Kristine Bolhuis is an artist and metalsmith working out of her studio in Ann Arbor, Michigan. She is primarily known for her jewelry, each piece a kinetic metal sculpture in miniature that is meant to move and interact with the body. Inspired by the early modern designers, Charles and Ray Eames and the metalwork of Harry Bertoia, Kristine's jewelry is complex and geometric, with movable joints that beg the wearer to manipulate them to change their shape. it is through these interactions that the essential structures and geometric patterns of her pieces are revealed.
At the Society for Domestic Museology, Kristine is sharing an altogether separate body of work, from her ongoing sculptural series, Talking Through a Closed Window, which has arisen from her experiences raising a son who was born with a rare syndrome resulting in his having no ear canals to transmit sound. Her series deals with the process of using sign language during his infancy to communicate before speaking with words. Individually, each of the small, metal brooches represents a thought communicated and as a whole they refer to the experience of trauma and the transformative power of art to mediate life experience.
Kristine Bolhuis received her MFA in Metalsmithing from Cranbrook Academy of Art. She also holds a BFA in Metals from Massachusetts College of Art and a BA in History of Art from the University of Michigan.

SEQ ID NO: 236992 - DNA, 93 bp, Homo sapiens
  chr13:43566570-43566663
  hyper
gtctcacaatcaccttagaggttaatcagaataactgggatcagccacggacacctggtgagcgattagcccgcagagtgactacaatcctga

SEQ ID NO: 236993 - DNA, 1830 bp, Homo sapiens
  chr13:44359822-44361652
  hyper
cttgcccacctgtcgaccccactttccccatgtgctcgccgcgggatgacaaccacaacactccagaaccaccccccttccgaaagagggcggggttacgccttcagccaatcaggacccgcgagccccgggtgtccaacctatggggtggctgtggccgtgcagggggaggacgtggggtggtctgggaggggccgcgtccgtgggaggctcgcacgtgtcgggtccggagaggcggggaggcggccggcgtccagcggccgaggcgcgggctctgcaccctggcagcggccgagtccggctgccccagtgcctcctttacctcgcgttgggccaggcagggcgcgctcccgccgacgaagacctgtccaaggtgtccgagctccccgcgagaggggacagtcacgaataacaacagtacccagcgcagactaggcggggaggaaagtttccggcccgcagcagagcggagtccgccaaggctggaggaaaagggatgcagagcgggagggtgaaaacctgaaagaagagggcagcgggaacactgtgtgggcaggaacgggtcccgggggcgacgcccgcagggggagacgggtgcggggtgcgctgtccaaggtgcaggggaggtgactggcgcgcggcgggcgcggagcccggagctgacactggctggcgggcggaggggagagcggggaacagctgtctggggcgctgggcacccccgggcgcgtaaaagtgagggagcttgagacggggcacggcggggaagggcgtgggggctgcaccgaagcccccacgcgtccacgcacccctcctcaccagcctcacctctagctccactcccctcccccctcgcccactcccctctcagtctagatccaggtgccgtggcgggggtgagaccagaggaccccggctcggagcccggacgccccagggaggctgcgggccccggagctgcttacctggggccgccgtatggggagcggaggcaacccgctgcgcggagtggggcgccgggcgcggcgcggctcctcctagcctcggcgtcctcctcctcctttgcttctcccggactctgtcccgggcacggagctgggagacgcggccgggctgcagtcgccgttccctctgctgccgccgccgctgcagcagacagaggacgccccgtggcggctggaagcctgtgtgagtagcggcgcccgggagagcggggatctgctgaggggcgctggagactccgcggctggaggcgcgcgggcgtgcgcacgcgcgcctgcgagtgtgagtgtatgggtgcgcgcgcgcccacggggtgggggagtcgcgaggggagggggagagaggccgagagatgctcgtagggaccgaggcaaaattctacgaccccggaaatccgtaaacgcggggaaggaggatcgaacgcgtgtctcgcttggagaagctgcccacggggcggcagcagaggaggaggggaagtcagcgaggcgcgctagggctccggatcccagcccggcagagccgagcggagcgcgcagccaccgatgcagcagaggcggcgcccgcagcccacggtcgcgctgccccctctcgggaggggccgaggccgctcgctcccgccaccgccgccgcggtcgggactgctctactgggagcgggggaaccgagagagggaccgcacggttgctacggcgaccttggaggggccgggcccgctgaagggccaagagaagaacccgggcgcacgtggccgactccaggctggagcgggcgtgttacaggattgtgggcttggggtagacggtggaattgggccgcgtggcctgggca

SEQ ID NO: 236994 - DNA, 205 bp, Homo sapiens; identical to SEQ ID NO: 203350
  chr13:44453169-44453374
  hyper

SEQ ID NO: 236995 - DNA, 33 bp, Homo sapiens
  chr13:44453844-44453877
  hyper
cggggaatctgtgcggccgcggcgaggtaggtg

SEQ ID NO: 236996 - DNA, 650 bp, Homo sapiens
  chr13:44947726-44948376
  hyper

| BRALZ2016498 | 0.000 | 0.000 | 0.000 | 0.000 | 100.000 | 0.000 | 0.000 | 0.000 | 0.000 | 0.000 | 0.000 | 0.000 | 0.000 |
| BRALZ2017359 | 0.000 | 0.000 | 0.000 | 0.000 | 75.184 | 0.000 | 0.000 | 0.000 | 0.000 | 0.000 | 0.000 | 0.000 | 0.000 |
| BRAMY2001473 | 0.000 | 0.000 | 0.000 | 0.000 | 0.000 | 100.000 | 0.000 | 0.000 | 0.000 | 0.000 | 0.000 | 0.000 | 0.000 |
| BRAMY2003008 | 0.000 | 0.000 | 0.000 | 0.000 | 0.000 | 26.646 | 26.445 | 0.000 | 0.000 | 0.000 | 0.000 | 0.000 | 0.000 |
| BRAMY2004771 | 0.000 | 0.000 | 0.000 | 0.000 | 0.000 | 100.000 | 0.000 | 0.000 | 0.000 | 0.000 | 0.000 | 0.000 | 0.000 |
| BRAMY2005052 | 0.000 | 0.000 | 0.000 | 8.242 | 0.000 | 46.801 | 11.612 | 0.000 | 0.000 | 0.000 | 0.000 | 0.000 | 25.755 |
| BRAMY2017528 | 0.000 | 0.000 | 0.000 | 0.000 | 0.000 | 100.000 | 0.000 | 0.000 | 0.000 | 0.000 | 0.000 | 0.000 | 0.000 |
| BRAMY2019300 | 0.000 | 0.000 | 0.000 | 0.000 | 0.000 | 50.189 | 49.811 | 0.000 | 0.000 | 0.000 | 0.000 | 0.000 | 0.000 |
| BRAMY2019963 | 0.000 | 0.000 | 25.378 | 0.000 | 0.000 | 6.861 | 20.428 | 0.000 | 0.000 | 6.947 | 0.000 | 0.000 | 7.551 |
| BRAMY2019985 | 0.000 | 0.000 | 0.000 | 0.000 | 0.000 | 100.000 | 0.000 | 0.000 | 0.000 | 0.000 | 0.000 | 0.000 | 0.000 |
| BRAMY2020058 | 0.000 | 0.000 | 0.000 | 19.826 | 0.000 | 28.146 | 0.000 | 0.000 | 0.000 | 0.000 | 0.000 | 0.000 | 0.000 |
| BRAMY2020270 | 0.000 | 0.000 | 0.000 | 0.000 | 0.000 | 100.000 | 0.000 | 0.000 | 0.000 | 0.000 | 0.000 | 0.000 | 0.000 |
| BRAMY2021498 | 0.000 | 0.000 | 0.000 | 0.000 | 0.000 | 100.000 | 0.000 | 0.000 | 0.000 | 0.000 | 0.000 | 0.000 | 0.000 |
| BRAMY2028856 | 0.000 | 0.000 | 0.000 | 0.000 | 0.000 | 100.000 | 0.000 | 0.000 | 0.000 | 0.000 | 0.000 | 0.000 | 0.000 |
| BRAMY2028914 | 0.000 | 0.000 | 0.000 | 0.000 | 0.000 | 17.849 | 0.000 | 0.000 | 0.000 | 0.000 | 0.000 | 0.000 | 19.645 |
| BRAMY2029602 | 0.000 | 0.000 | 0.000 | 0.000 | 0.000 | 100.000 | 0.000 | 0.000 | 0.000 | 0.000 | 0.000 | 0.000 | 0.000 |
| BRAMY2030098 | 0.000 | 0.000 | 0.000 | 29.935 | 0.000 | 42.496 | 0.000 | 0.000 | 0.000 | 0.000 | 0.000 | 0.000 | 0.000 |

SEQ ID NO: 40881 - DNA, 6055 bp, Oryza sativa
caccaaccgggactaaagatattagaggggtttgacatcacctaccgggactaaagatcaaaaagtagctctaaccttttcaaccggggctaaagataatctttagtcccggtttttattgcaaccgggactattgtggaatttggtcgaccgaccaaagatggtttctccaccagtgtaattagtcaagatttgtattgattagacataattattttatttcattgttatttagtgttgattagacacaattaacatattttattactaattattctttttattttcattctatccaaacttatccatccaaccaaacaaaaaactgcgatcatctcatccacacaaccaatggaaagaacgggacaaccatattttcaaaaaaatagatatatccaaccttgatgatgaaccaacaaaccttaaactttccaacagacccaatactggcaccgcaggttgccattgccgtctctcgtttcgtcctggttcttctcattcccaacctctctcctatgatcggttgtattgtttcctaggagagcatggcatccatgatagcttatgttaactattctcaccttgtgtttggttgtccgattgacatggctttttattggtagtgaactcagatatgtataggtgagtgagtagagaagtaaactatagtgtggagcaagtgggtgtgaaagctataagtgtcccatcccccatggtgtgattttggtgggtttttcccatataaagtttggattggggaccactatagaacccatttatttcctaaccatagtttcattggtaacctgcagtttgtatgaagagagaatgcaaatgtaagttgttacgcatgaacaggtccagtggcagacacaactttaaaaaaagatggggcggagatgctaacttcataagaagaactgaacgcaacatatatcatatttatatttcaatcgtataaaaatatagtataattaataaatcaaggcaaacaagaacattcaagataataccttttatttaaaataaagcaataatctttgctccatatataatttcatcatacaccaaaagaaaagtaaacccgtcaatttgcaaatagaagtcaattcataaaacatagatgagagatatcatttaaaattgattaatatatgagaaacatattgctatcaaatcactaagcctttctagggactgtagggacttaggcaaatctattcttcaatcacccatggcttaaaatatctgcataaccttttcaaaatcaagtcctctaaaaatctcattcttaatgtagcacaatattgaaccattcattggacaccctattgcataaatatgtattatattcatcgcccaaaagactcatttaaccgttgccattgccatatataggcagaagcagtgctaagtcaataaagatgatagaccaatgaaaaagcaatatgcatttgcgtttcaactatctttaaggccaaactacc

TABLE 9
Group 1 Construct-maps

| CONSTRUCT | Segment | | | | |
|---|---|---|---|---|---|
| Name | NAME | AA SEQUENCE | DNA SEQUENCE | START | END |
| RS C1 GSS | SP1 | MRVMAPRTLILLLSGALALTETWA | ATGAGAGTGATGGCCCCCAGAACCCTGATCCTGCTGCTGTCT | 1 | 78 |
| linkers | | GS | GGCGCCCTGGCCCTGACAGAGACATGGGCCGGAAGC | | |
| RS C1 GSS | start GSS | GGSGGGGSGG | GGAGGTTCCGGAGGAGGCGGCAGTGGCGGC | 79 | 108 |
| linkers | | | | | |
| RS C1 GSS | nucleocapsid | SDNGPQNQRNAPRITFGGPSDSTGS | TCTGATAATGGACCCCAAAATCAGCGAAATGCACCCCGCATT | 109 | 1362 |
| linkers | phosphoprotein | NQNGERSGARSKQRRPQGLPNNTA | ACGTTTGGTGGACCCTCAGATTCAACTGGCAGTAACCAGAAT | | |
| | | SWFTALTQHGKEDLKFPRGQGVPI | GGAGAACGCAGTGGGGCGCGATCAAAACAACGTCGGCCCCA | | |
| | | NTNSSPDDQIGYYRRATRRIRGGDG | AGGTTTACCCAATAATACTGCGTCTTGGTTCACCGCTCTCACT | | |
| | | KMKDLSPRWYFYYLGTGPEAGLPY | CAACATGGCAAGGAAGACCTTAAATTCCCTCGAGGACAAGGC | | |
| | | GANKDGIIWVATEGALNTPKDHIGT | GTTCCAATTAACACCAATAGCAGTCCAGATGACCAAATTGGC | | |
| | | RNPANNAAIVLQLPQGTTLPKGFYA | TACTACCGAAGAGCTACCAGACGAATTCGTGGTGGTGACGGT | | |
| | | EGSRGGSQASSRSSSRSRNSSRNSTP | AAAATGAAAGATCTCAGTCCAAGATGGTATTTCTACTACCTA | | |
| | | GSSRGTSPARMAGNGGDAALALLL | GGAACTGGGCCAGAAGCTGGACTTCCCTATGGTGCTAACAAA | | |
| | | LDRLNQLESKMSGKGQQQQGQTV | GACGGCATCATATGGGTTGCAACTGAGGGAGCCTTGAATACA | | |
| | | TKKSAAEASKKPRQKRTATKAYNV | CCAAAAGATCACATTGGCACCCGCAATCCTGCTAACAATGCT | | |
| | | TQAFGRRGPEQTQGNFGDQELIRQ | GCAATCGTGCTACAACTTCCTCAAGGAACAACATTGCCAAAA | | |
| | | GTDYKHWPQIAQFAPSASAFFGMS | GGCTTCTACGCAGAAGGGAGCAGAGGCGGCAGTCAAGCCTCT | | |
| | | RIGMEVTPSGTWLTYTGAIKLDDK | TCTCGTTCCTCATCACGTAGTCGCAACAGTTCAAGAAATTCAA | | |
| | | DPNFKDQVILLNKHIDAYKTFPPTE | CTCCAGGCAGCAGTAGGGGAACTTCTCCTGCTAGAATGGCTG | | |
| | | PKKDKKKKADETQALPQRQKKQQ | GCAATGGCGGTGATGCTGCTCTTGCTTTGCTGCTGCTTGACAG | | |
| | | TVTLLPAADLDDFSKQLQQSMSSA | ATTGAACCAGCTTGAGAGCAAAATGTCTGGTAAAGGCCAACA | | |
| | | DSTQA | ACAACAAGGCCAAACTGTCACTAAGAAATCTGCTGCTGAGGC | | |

Kristine has received several grants and awards including a Women’s Jewelry Association scholarship, a Niche award for jewelry, and a travel grant from the St. Botolph Club Foundation. Her work has been published in Metalsmith Magazine, 21st Century Jewelry, several of the Lark Books 500 Series, Art Jewelry Today and The Compendium Finale of Contemporary Jewellers 2008.
Opening & Art Talk - Apr 9, 2016
After a longer than expected hiatus, we had the good fortune to open 2016 at the Society for Domestic Museology with a special guest: artist Kristine Bolhuis, whose work I have long admired. I first met Kristine when we were undergraduates at the University of Michigan and lived in the same co-op. In the intervening years, we lost touch, but thanks to the magic of social media, we reconnected some years ago and I have kept up with her career from afar. Working out of her home studio in Ann Arbor, Michigan, Kristine creates intricately constructed metal jewelry based on geometric patterns.
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